These world-class capabilities, Menon himself says, are the result of the ‘painful and time-consuming route’ taken to develop them internally. “Used in conjunction with high standards of process controls, these facilities help us produce products that are able to meet customers’ expectations of quality and cost consistently.” Going forward, he adds, the company wants to leverage these capabilities to increase its domestic and international market share. Already among the more efficient producers of castings in the country, it is also well-known in the global market, especially with ‘global productivity – Indian wages’ giving it a high level of competitiveness globally. 

For Mitsubishi Heavy Industries, a comparatively new customer, the company developed a component which they were finding difficult to source locally. “Our product meets their Japanese quality standards,” he says. Prashanth S., section head, vendor development, at Mitsubishi VST Diesel Engines (MVDE), Hebbal Industrial Area, Mysore, says MVDE has been associated with Menon & Menon since 2015, because of the foundry’s latest technology and best-in-class equipment to make high-precision cylinder head and block castings.

“They have an excellent team with technical expertise, continuously striving to meet customer requirements through continual improvement in quality and have exceeded MVDE’s expectations in new products development by achieving ‘first time right’ in the shortest lead time in the industry,” he explains. “They were initially chosen for one project. Down the line, after four years, they are proving to be a single source for all our projects. They have converted MVDE’s superior engine design to superior quality products!”

At International Tractors Ltd (ITL), which has been associated with Menon & Menon right from the cylinder block for its first Sonalika tractor 25 years ago, Parveen Sardana, senior vice-president (corporate purchase), says they have since made the blocks for ITL’s complete series. “They are specialists in block castings. Their component is always first, they have the lowest lead time; their quality, cost and delivery are great,” he says. The company, which makes 15,000 tractors every month covering the entire range from 20hp to 120hp, buys blocks from other manufacturers too.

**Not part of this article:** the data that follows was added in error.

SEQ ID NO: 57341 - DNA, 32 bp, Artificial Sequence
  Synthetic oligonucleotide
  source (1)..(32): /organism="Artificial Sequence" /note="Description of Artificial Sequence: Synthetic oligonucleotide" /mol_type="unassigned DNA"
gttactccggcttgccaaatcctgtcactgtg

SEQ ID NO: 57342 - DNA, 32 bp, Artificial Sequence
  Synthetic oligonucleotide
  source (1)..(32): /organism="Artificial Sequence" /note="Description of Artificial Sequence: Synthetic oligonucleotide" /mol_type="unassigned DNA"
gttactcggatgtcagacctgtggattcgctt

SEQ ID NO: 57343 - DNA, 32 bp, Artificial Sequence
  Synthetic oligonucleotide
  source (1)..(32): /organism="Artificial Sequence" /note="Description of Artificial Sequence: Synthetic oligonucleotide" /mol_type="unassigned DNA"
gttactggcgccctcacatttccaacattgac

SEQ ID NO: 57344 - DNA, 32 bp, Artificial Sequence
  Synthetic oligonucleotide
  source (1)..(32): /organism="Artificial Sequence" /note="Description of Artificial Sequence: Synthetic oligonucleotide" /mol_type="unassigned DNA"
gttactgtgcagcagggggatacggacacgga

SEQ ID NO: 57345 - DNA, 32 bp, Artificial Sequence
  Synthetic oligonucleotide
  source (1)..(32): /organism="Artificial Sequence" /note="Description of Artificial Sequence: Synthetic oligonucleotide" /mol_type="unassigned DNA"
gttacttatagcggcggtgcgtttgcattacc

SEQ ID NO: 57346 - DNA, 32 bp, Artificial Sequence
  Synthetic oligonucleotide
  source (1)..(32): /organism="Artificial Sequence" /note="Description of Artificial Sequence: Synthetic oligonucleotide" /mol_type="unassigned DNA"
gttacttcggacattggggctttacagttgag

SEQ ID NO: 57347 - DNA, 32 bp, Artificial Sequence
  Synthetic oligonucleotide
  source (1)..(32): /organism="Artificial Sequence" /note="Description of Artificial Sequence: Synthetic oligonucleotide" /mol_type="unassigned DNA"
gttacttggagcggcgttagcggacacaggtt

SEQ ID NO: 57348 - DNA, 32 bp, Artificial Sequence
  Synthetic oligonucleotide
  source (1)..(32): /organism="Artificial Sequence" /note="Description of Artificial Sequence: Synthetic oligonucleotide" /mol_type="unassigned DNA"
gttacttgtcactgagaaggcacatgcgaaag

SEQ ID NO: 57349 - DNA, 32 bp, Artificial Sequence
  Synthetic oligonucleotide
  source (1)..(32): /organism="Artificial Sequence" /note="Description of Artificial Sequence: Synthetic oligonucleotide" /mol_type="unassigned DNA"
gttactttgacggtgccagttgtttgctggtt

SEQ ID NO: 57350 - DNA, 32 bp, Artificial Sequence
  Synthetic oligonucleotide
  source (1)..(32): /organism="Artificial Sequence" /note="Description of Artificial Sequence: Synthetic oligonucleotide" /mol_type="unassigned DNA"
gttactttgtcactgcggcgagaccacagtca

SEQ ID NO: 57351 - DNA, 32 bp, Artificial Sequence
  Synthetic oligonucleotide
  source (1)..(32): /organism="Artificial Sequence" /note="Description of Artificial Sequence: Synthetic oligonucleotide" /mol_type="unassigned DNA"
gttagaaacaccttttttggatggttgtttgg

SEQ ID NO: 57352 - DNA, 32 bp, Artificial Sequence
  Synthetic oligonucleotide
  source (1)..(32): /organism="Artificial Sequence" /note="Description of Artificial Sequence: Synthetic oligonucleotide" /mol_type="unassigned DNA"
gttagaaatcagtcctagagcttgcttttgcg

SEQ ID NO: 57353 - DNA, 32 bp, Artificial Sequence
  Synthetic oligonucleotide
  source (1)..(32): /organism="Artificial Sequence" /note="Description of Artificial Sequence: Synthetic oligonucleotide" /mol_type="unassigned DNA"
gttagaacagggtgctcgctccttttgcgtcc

On his part, Menon plans to exploit these advantages to gain market share both in the domestic as well as international markers. “Today our capacity is a bottleneck. We are planning to increase our capacity to 7,500 tpm; and with that capacity enhancement we will be ready to play the global game,” he says. “We will also explore other product adjacencies – our cylinder block and head casting capabilities can be leveraged to increase our railway business as well as gain entry to the fast-growing Indian defence business.” Railways already form about 5 per cent of the overall business, which he plans to grow to a level of 15 to 20 per cent. Defence is zero now, but he sees it forming a significant part of the company’s overall business in future.

“We have already started moving in these directions,” he says. “We are aware of the long gestation periods involved and prepared to give all this the required time. We are in no hurry -- we will take slow but steady steps in this direction.”

Menon, 65, has his succession plan is in place: both his daughters will be in the business, ready to take over the reins. The elder, Divya, is back from Wharton and is already in the company, while the younger, Shreya, is at Cleveland and will join, too. After the new plant comes up, he says, he will look for private equity and “maybe an IPO after a year or so”.